Enable writing with Apple’s built-in NTFS driver

18 03 2010
I am linking to this so I don’t forget

“Compatibility with Microsoft’s NTFS filesystem is sometimes necessary for people who use either separate PCs or Boot Camp. While Apple offers a driver to read NTFS volumes, by default it will not write to them. To overcome this, there are several third-party NTFS drivers available, but in Snow Leopard you can also set Apple’s built-in driver to write to NTFS as well.”

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Troubleshooting Outlook Performance Issues

13 03 2010

If you ever deal with complaints about Outlook speed, the first thing you need to do (apart from verifying all the latest patches are applied) is to make sure the user is following best practices when it comes to mailbox size (i.e. less than 2GB) . Of course as soon as you enforce or even suggest this you will receive complaints, once the user is shown the performance difference they may come around. This kb from Microsoft offers some additional suggestions. Hopefully this limitation will be fixed in Outlook 2010.





BSOD with Hyper-V & HP DL360 G5

11 03 2010

It appears to be a bug.
The workaround is to disable the processor C3 state (deep sleep) in the BIOS.

On DL360 G5’s (P58 BIOS) that is in the BIOS under
Advanced Options -> Processor Options -> Intel Core C3 State,
change it to ‘Disabled’.

After doing that, Hyper-V installs and no BSOD.

Get your Blue Screen of Death T-shirt, Large here…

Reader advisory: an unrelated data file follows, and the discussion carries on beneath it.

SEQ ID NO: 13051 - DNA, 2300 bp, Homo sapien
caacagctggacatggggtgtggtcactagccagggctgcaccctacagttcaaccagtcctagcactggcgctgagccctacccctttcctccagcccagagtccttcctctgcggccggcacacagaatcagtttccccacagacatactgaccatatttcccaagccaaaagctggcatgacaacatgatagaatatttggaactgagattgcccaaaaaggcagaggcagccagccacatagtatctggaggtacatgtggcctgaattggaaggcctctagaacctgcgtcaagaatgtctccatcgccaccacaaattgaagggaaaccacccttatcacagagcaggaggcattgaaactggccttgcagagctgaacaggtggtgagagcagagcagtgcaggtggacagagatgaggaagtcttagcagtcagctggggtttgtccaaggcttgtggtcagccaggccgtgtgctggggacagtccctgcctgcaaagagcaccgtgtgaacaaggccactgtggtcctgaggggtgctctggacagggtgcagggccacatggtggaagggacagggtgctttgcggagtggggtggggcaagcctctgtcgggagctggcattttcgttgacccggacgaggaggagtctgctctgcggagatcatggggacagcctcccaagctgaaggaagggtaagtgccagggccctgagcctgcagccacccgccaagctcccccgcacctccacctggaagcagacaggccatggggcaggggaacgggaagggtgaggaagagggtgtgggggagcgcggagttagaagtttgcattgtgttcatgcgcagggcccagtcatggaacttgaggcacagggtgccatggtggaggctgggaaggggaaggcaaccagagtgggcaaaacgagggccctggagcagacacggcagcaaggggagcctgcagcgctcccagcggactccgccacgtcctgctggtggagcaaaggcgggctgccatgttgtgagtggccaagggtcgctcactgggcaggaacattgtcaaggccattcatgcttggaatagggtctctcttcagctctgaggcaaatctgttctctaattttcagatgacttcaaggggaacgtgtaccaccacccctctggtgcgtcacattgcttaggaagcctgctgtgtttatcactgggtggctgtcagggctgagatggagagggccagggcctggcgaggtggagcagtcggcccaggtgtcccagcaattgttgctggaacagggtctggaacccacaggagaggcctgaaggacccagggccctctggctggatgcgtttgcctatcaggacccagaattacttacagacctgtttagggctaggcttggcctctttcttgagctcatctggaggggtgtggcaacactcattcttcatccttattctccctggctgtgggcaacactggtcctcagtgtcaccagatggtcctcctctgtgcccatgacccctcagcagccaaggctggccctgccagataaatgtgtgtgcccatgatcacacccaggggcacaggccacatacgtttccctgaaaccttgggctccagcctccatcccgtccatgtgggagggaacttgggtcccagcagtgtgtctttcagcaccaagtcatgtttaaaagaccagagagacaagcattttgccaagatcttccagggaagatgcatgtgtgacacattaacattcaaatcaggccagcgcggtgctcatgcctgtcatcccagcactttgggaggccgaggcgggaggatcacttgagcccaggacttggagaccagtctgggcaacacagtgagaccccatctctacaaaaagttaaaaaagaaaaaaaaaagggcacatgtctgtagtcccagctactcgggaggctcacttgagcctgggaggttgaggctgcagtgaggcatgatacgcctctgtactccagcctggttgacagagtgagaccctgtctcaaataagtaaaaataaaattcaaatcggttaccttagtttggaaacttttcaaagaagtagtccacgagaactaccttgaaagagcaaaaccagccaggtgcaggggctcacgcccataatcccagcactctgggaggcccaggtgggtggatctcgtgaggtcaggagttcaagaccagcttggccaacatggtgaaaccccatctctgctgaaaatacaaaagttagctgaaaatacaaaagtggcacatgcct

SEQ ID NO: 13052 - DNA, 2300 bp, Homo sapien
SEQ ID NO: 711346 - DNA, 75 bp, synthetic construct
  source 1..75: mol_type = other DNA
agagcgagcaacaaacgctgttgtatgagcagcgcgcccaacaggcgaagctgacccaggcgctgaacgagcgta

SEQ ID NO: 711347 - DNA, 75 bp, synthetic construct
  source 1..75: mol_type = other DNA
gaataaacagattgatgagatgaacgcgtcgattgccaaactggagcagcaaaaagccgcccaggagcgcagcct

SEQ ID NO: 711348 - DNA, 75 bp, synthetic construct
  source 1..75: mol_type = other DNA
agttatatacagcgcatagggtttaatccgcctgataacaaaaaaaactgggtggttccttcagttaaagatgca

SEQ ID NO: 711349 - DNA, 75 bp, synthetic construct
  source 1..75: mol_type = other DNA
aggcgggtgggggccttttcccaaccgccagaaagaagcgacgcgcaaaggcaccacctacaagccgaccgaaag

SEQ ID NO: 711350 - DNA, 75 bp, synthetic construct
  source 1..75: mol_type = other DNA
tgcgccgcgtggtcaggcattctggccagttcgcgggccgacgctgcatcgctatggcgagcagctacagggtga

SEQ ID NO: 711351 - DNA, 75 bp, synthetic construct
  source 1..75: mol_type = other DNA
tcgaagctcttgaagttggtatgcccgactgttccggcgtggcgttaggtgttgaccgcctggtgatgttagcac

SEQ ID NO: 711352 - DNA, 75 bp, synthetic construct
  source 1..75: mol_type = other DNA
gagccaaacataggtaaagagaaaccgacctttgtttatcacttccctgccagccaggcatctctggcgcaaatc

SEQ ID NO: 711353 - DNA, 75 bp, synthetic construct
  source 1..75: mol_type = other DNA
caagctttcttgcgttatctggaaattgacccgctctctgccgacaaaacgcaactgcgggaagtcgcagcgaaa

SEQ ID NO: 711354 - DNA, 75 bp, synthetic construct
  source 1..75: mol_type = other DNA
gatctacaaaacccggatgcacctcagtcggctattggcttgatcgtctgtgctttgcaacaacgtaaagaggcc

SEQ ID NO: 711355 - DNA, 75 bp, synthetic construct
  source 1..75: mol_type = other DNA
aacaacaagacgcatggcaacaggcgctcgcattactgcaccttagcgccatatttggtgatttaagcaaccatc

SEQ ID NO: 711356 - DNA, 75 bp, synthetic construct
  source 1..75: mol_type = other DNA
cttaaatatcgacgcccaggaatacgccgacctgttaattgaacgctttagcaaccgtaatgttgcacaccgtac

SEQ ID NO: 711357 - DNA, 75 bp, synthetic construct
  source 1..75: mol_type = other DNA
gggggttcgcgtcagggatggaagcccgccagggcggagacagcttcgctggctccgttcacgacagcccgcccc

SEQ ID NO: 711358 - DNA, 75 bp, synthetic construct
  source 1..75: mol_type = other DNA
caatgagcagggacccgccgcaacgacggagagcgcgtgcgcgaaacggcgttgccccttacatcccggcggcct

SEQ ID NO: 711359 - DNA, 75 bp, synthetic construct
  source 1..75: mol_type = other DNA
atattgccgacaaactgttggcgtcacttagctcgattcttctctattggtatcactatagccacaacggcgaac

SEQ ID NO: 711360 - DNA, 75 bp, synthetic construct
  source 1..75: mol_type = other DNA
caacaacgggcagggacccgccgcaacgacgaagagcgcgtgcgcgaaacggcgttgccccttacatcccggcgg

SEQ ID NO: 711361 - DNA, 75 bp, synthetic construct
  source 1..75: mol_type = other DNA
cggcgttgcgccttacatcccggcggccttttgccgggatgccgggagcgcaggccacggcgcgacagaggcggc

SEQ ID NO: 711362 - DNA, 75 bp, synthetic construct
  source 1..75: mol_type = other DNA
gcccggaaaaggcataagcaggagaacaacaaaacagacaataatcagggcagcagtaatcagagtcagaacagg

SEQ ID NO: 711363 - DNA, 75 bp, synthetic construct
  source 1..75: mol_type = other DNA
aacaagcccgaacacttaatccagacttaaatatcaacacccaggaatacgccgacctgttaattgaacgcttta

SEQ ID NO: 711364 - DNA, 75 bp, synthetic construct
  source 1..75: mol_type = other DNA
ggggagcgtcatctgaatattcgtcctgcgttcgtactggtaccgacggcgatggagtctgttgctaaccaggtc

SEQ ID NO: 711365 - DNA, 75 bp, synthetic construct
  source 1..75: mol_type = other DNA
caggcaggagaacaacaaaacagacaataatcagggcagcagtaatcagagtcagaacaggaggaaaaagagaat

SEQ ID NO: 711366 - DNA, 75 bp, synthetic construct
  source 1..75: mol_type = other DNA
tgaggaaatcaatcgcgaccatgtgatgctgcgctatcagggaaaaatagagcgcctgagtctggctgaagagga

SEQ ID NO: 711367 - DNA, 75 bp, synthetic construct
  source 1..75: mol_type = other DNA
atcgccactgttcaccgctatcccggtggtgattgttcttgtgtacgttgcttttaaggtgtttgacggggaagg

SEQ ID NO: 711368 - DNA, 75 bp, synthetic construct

Why iPad Is the ‘Children’s Toy of the Year’

11 03 2010

Why iPad Is the ‘Children’s Toy of the Year’

Which means it should be easy enough for most users….

Update: I pre-ordered my iPad yesterday!





Looks like a good free vmware tool

11 03 2010

I am always interested in finding free or low cost tools that look like they could be useful. VKernel Capacity View is a “tool that provides VMware performance and capacity diagnostics.”

That reminds me – I need to study for my VCP…





Recommended article on Exchange 2010 Disaster Recovery

11 03 2010

This article was recommended to us by the instructor at the Exchange 2010 class I took recently….

“To demonstrate the scalability of the DAG feature, I will use only two servers in my example – one in the production site and one in the Disaster Recovery site. This represents the smallest installation that can be done for DAG, but remember this is a flexible solution so at any point if you need to scale out with multiple DAG members the steps you would perform are nearly identical.”

from  http://anewmessagehasarrived.blogspot.com/2010/02/exchange-2010-site-disaster-recovery-on.html





System Administration tips

9 10 2009

I found these while going through stuff in my documents, I think that they are good general guidelines

  • Carefully research and document problems before making changes.
  • Don’t make changes for the sake of change.
  • Have others sanity check your proposal before implementation, then test and retest the changes.
  • Explain the risks to management and IT colleagues before deployment.
  • Maintain good backups, and develop sound restore procedures.
  • Keep detailed configuration information for all systems.
  • Have a tested local Administrator username and password for all systems in case you lose any network connectivity.
  • Distribute a step-by-step procedure before rolling out significant changes.
  • Develop a what-if list of things that could go wrong and the appropriate fallback procedures. This list should include plans to address potential problems that might occur days later (e.g., a server failure).
  • Notify users well in advance of when a project will begin and end and of any planned outages.
  • Keep a written log of activities during the changes.
  • Carefully review logs to monitor system operation before and after implementing changes.
  • Test the results from a user’s point of view. Use a non-privileged user account from a typical workstation.
  • Coordinate with support staff and try to anticipate any user education needs that might arise.
  • Document the procedures and save these files for future use.

Here are two related sysadmin books that I find helpful…